Barron's interviews Merrill Lynch's chief investment strategist, Richard Bernstein. Current turmoil will not lead to the end of capitalism as we know it, he says. Still, investors hoping for a V-shaped recovery will likely be disappointed.
Bernstein says more than anything people are concerned about inflation, especially in light of recent developments that have led them to conclude the U.S. is printing money, which will lead to dollar devaluation and rampant inflation.
He's not worried:
I think prices are going to respond to the slower global economy. I believe the global economy will be weaker than people think. You always have to make a bet, stronger or weaker. I've been arguing that you should err on the weaker side. If that's true, then demand for commodities, demand for everything, goes down and some inflation subsides. More than anything else, remember that inflation is a lagging indicator and credit is a leading indicator. There's not a lot of credit being issued these days.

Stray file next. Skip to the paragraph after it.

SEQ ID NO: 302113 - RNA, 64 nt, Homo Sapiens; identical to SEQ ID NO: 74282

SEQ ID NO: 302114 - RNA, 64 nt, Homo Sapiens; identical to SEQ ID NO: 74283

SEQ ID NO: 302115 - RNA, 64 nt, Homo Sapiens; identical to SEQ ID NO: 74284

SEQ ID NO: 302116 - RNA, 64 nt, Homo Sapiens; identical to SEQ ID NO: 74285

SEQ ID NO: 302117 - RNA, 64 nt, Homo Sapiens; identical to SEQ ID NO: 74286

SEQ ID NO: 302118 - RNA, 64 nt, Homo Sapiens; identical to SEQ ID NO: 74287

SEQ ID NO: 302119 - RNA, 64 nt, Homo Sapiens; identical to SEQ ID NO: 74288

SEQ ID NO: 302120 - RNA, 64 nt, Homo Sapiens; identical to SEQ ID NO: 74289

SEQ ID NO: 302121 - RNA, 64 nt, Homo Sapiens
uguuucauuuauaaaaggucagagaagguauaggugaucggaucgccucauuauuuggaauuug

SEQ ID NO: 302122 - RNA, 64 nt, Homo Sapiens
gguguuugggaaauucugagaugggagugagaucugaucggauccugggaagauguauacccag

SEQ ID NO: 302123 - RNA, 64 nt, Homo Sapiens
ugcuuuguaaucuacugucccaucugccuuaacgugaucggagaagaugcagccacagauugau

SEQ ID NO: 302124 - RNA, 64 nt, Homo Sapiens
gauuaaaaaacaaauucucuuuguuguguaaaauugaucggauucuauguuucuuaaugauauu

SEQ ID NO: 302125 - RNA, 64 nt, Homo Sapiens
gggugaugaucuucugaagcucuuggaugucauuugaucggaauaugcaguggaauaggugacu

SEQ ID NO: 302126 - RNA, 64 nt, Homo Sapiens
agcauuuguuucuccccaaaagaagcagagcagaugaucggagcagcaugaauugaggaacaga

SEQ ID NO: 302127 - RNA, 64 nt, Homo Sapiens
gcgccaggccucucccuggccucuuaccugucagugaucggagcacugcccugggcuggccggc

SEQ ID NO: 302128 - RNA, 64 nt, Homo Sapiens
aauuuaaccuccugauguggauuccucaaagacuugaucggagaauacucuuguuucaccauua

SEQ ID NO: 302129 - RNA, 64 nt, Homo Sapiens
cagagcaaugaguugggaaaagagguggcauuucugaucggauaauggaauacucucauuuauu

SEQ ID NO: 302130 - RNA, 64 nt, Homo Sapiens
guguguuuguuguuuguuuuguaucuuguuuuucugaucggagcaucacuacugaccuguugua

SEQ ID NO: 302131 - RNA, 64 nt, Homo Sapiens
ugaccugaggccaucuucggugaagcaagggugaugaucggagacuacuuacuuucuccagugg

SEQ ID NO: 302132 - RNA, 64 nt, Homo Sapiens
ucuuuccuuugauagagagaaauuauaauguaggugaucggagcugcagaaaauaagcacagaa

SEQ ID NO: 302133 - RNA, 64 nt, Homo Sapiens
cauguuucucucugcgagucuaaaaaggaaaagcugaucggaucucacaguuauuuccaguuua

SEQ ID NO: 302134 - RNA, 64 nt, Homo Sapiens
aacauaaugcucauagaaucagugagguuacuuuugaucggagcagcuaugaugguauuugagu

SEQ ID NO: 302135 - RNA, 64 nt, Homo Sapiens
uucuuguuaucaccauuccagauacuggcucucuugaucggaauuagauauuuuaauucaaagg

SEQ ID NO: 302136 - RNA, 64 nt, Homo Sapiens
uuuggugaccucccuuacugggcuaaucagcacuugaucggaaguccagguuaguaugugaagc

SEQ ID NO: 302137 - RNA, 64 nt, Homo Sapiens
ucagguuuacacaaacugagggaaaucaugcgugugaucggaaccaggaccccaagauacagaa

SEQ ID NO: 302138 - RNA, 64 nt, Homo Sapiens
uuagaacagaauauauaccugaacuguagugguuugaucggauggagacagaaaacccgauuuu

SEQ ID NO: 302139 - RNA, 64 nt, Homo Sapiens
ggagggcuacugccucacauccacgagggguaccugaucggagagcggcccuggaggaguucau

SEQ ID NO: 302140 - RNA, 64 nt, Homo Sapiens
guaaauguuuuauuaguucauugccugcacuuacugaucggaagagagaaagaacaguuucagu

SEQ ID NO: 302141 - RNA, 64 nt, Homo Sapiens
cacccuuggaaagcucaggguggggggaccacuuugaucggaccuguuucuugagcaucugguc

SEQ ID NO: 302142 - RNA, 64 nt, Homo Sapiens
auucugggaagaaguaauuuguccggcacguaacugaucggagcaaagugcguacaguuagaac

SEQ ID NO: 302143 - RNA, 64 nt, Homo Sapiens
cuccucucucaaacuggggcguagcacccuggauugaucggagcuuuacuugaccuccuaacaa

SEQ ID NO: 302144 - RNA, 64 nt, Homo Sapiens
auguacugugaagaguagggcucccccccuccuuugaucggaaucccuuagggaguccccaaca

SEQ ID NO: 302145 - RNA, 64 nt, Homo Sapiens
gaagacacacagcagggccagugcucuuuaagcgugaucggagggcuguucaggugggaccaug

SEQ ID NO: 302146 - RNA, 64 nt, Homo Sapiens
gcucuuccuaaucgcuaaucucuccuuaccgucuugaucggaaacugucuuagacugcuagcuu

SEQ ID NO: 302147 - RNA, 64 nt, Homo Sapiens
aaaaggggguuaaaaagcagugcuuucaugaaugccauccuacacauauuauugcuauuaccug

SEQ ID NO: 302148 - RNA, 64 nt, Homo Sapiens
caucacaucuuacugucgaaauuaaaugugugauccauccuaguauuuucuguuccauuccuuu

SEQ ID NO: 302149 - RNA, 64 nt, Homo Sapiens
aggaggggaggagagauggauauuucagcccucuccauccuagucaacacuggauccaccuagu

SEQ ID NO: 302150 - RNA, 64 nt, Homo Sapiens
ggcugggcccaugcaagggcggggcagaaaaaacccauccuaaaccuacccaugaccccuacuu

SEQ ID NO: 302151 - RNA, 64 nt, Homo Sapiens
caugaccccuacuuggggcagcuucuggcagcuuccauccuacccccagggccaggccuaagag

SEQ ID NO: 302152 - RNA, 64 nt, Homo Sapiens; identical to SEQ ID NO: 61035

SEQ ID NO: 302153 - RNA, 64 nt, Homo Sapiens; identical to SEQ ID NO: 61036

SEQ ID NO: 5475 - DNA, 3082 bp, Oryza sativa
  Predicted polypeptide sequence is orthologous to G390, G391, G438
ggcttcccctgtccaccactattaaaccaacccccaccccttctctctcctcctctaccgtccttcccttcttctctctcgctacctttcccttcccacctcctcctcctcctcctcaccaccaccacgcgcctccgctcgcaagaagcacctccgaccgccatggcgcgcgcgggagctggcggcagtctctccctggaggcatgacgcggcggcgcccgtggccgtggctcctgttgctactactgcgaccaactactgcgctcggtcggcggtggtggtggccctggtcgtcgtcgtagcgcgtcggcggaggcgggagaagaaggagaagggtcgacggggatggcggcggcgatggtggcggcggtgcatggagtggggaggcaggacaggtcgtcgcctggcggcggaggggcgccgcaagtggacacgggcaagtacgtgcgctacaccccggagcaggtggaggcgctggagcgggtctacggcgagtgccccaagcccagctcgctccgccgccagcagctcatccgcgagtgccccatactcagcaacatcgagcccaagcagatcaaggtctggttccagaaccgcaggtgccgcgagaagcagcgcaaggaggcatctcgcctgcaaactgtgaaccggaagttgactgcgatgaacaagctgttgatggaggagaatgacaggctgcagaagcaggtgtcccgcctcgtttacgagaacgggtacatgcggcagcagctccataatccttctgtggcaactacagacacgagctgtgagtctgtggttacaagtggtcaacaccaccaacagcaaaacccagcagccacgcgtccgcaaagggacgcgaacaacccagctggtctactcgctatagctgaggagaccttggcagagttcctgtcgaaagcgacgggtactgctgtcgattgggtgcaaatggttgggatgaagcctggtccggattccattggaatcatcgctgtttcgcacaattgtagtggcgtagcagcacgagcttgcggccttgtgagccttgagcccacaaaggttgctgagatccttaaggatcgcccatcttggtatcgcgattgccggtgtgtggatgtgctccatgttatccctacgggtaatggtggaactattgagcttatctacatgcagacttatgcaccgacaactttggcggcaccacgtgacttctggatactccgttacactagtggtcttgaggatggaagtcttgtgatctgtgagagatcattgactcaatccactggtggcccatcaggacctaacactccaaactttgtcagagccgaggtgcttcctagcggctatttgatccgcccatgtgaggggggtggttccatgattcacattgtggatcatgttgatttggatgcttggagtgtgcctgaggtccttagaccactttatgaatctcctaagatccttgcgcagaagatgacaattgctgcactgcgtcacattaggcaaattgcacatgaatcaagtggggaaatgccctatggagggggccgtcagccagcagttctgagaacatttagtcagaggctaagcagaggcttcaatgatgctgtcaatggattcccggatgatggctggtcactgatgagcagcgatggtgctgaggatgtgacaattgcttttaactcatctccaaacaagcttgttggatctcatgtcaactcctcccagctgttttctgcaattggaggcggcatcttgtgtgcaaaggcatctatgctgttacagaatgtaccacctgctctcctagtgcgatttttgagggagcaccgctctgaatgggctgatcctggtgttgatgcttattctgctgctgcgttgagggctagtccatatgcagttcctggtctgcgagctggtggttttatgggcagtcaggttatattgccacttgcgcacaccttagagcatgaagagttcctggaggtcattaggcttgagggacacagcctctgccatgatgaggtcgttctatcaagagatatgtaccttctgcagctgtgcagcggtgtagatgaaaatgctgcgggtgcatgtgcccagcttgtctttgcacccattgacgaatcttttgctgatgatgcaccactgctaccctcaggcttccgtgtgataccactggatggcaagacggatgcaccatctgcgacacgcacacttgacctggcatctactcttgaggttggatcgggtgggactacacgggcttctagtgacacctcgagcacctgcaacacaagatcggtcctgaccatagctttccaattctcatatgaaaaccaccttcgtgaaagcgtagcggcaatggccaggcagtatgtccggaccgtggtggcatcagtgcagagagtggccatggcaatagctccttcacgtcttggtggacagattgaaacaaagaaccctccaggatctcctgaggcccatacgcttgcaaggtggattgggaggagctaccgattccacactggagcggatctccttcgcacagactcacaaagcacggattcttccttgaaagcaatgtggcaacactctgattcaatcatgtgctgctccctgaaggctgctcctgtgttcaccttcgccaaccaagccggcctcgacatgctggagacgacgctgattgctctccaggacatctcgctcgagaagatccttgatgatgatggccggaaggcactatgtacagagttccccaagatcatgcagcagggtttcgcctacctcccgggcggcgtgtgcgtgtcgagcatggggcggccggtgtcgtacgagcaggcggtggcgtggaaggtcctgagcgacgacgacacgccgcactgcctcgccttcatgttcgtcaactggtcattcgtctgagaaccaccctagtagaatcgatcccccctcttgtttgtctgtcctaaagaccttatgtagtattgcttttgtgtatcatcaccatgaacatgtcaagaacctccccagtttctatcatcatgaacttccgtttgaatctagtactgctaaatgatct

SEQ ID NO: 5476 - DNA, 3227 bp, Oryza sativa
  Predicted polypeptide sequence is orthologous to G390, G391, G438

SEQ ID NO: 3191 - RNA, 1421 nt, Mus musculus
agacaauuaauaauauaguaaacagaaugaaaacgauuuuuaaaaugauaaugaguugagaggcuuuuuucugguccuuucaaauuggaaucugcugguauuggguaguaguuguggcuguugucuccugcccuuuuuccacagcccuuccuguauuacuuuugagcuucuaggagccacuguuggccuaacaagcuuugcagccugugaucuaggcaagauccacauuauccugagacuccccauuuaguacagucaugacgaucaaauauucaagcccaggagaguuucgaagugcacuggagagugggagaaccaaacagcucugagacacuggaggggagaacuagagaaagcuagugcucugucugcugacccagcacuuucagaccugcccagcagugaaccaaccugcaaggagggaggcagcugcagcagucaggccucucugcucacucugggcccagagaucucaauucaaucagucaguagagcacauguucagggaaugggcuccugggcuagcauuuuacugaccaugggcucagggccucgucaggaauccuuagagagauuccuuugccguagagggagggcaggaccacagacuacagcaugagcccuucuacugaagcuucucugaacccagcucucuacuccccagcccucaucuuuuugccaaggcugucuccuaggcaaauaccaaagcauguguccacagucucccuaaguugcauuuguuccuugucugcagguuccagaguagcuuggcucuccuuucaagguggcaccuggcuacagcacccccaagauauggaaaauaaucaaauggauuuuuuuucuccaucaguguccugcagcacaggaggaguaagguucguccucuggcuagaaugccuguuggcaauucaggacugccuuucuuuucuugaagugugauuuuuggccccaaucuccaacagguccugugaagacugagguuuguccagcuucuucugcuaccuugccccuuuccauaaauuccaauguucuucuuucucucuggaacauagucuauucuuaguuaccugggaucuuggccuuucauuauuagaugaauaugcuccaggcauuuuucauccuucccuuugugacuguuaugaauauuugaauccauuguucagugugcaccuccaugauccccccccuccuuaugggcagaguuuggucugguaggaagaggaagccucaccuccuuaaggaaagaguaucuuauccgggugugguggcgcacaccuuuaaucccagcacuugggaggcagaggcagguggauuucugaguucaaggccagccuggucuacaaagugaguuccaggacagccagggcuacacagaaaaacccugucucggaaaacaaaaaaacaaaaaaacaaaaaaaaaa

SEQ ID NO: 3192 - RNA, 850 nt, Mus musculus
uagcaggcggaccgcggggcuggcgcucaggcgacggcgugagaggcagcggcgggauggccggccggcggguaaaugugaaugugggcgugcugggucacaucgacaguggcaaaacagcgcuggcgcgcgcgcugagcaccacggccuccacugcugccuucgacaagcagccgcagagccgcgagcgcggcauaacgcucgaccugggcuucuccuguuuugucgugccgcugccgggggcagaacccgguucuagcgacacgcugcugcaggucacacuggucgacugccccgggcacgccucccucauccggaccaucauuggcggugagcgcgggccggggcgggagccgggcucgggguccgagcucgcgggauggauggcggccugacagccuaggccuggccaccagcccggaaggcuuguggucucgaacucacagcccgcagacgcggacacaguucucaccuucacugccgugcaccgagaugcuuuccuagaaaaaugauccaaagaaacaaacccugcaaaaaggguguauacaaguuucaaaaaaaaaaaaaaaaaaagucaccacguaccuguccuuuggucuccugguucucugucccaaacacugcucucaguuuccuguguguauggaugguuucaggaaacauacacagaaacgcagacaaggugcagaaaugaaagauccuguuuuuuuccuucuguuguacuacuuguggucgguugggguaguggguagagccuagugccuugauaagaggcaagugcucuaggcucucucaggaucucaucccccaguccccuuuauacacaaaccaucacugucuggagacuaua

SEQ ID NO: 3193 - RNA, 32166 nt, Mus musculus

His comfort with inflation helps explain his lone-wolf bullishness on Treasurys. "It is just amazing that we have an asset class that is outperforming and everybody still hates it," he says, again pointing out that money - without credit creation - can not generate inflation. He also likes high-quality corporate bonds and munis, but cautions against the allure of lower-grade issues.
Looking at stocks, Bernstein is dismissive of those who keep looking to yesterday's stars to shine again. Instead, they should look ahead to tomorrow's growth stories - which he thinks are going to be decidedly mundane: Staples (ETF: XLP), health care (ETF: RYH) , developed markets over emerging markets, high-quality debt, and the dollar.